Overnight on July 3rd, Frank Ocean posted a message on his Tumblr that sent immediate shockwaves throughout the urban music industry, not so much because someone openly announced their sexuality, but moreso who.
As far as singer/songwriter/producers go, Frank Ocean is the 'it' guy right now in the business. Ocean has written for everyone from Justin Bieber to Beyoncé Knowles and has also been a hit parade in his own right, both with his massive hit single "Novacane" and as a feature in the Jay-Z/Kanye West hit "No Church in the Wild".
His status is unquestionably high in the world of hip-hop where the culture of "no homo" still reigns. It took a lot of courage for Ocean to admit all of this in the face of that. However, the issue of people of color coming out in and of its self transcends Ocean because of that culture.
It's interesting how many people of color generally react to any other sexuality other than heterosexuality and many times, that reaction will be a negative one even though our first African American president recently lent his support for gays to have equal rights.
You really have to go back in the history of this country and its treatment of people of color to understand the current plight of the LGBT community. On a week where we celebrate this country's birth, our 236 year history has not come without its flaws.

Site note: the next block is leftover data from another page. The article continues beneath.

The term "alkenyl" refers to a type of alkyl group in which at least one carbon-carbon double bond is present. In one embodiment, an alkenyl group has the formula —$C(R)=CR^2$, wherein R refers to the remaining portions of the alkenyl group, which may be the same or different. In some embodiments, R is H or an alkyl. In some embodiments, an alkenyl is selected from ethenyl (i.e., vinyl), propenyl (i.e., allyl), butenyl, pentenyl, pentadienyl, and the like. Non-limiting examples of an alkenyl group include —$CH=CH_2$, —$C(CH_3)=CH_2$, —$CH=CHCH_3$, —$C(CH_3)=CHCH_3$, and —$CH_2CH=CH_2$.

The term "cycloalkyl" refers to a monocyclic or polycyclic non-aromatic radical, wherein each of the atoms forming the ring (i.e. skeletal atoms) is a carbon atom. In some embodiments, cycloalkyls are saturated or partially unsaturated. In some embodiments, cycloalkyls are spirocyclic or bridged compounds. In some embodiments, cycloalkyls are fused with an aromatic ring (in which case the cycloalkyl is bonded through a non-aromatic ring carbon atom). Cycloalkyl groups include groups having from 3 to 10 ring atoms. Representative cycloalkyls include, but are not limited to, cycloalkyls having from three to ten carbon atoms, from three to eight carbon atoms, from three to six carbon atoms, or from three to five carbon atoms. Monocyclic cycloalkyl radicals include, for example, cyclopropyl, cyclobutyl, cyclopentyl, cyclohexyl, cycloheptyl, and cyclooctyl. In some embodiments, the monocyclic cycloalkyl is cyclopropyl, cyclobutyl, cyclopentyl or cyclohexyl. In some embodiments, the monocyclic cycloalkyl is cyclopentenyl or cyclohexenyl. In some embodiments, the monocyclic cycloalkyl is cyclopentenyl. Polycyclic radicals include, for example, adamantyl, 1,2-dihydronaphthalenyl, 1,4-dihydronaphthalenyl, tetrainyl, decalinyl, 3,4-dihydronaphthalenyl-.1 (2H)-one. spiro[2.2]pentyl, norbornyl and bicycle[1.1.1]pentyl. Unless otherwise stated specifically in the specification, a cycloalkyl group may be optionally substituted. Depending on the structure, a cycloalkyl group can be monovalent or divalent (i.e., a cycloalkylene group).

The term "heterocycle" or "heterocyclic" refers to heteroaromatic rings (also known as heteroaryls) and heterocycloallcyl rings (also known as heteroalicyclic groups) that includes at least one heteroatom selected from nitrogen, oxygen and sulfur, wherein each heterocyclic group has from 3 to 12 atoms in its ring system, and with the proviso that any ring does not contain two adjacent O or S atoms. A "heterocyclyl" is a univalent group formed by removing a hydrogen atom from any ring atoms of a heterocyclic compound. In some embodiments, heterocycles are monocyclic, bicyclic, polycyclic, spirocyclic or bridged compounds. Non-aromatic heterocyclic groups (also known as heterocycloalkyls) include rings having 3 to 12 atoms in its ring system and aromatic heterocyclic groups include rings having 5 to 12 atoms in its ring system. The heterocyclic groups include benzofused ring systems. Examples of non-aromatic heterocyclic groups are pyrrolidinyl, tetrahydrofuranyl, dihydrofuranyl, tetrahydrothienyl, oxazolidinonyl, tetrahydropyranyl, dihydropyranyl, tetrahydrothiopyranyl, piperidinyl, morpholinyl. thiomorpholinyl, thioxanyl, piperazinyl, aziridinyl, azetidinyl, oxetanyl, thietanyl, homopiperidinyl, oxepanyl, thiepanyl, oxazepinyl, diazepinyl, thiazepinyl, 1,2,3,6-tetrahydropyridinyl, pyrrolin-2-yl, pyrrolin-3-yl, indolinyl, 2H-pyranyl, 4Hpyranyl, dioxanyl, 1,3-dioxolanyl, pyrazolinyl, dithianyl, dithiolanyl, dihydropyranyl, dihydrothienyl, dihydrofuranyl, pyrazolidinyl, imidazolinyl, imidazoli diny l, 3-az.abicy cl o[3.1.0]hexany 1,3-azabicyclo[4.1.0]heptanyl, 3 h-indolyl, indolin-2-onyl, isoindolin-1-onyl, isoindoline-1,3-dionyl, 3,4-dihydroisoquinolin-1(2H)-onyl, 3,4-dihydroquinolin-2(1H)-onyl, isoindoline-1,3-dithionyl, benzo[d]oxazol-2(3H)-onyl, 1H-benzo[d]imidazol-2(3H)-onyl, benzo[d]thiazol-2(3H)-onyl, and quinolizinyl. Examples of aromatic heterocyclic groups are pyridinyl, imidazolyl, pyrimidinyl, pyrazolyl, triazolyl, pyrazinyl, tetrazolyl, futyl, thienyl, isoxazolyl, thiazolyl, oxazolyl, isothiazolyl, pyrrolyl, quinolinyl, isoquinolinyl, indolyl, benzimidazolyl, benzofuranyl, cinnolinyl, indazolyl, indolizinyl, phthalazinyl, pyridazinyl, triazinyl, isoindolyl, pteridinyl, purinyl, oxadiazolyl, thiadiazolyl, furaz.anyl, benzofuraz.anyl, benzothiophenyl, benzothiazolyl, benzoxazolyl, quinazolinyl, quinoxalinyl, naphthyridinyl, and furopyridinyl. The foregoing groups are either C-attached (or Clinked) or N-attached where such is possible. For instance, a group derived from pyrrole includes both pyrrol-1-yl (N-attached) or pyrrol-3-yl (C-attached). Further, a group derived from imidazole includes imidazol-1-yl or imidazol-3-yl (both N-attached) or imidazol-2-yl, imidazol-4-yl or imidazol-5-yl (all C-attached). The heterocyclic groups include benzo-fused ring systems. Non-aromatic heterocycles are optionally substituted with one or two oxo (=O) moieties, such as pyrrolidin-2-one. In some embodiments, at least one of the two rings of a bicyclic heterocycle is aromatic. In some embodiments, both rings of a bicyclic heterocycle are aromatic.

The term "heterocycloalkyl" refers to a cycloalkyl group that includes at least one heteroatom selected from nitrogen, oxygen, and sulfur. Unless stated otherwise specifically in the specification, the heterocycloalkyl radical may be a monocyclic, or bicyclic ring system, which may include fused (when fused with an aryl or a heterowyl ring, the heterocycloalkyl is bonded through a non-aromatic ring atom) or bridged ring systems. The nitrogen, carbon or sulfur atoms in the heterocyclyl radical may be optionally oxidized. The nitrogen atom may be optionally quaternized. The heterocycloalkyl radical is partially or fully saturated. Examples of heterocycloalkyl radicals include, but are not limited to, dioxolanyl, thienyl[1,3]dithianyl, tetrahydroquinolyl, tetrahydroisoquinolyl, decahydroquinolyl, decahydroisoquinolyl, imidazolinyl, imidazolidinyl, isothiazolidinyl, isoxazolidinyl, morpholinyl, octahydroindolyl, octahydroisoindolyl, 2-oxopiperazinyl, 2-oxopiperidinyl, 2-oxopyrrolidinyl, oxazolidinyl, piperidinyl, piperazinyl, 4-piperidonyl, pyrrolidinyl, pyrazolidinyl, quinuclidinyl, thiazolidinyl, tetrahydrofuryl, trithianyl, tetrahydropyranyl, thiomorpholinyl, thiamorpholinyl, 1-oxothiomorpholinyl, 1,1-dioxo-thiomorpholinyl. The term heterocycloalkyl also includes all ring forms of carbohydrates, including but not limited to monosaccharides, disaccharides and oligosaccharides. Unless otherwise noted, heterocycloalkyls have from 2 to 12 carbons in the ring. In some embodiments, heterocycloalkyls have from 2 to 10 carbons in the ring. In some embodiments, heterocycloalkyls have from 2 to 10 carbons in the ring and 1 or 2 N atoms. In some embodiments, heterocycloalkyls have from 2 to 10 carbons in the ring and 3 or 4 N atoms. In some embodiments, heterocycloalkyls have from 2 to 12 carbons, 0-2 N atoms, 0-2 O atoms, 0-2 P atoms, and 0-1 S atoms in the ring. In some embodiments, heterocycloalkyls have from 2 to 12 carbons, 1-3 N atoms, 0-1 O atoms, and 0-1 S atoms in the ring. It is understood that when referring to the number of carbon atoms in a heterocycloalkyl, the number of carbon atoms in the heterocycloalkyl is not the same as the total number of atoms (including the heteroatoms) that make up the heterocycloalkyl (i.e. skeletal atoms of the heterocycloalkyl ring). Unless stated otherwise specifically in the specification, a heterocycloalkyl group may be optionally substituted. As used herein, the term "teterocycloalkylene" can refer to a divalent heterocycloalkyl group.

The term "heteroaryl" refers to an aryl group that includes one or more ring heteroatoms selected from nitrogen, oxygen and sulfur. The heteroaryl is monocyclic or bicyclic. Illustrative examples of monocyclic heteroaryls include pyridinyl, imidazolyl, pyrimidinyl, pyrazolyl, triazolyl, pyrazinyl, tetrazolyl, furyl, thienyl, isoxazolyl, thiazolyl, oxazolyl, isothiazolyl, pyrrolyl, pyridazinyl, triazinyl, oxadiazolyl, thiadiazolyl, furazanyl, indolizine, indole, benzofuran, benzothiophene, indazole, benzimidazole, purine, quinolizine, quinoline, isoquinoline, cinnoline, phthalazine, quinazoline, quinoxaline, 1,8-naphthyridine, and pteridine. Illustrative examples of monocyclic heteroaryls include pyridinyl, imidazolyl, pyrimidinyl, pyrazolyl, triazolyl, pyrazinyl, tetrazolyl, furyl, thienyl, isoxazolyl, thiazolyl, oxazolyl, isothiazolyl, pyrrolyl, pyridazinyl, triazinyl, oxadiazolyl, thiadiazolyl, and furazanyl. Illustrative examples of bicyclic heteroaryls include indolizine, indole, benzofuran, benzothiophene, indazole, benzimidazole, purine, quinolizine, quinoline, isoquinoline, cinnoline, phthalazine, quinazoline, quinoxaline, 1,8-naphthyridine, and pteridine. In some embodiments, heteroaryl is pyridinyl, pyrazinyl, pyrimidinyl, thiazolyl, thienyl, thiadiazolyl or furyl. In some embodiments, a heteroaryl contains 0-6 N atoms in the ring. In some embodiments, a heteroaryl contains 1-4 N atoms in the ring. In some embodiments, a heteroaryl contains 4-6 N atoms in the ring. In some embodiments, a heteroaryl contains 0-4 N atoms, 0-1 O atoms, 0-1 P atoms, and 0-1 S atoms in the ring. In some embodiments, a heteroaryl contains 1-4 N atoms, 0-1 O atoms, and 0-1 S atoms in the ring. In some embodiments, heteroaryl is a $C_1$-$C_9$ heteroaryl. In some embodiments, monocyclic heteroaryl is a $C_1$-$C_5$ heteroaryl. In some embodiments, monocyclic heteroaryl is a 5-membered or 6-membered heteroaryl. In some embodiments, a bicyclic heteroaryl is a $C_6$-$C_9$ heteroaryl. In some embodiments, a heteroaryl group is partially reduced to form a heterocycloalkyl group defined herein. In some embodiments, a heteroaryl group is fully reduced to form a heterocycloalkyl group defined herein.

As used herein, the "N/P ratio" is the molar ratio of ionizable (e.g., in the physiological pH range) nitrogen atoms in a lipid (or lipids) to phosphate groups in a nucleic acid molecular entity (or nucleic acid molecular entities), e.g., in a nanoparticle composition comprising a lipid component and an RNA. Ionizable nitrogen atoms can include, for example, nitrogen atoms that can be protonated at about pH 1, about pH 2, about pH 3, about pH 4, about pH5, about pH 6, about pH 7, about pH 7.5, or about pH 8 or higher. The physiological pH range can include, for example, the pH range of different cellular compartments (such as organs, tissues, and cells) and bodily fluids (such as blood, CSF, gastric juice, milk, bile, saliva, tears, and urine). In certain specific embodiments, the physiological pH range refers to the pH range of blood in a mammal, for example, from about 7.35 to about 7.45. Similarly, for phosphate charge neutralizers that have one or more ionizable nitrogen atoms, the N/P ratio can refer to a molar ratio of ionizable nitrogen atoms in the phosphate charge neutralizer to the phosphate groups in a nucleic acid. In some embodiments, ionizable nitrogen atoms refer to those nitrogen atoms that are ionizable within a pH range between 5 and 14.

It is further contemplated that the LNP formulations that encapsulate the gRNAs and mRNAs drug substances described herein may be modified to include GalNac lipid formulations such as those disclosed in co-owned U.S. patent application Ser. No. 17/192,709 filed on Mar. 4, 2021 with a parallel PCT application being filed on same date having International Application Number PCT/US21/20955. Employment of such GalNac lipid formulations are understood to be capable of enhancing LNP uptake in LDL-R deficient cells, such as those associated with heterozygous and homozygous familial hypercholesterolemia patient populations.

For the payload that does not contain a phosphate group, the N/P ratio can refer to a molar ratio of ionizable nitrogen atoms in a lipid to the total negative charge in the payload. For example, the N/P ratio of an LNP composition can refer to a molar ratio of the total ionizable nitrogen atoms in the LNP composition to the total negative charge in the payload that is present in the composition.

In 1787, legislation was introduced in this country called the Three Fifths Compromise. Slaves were considered three-fifths of a person and were not allowed to vote, marry, own land, or allowed to do much of anything without their master. It wasn't until 1967 that laws against interracial marriage were deemed unconstitutional.
While it's not exactly the same, many of those in the LGBT community feel like second class citizens because they're not allowed to marry who they want to and are not entitled to the same benefits. Up until last year, the military had a policy of "Don't Ask, Don't Tell".
Listen, no one's asking you to become gay or bisexual just because there are laws that are introduced to protect those who are. They simply want to be treated as an equal and be entitled to the same rights that all Americans are entitled to. Whether you like it or not, this is the civil rights battle of our generation.
The reaction on Frank Ocean's post has generally been positive and I believe it's a small step in the right direction to acceptance. Acceptance will never be universal, but here's hoping that one day that we don't look at 'coming out' as a big deal.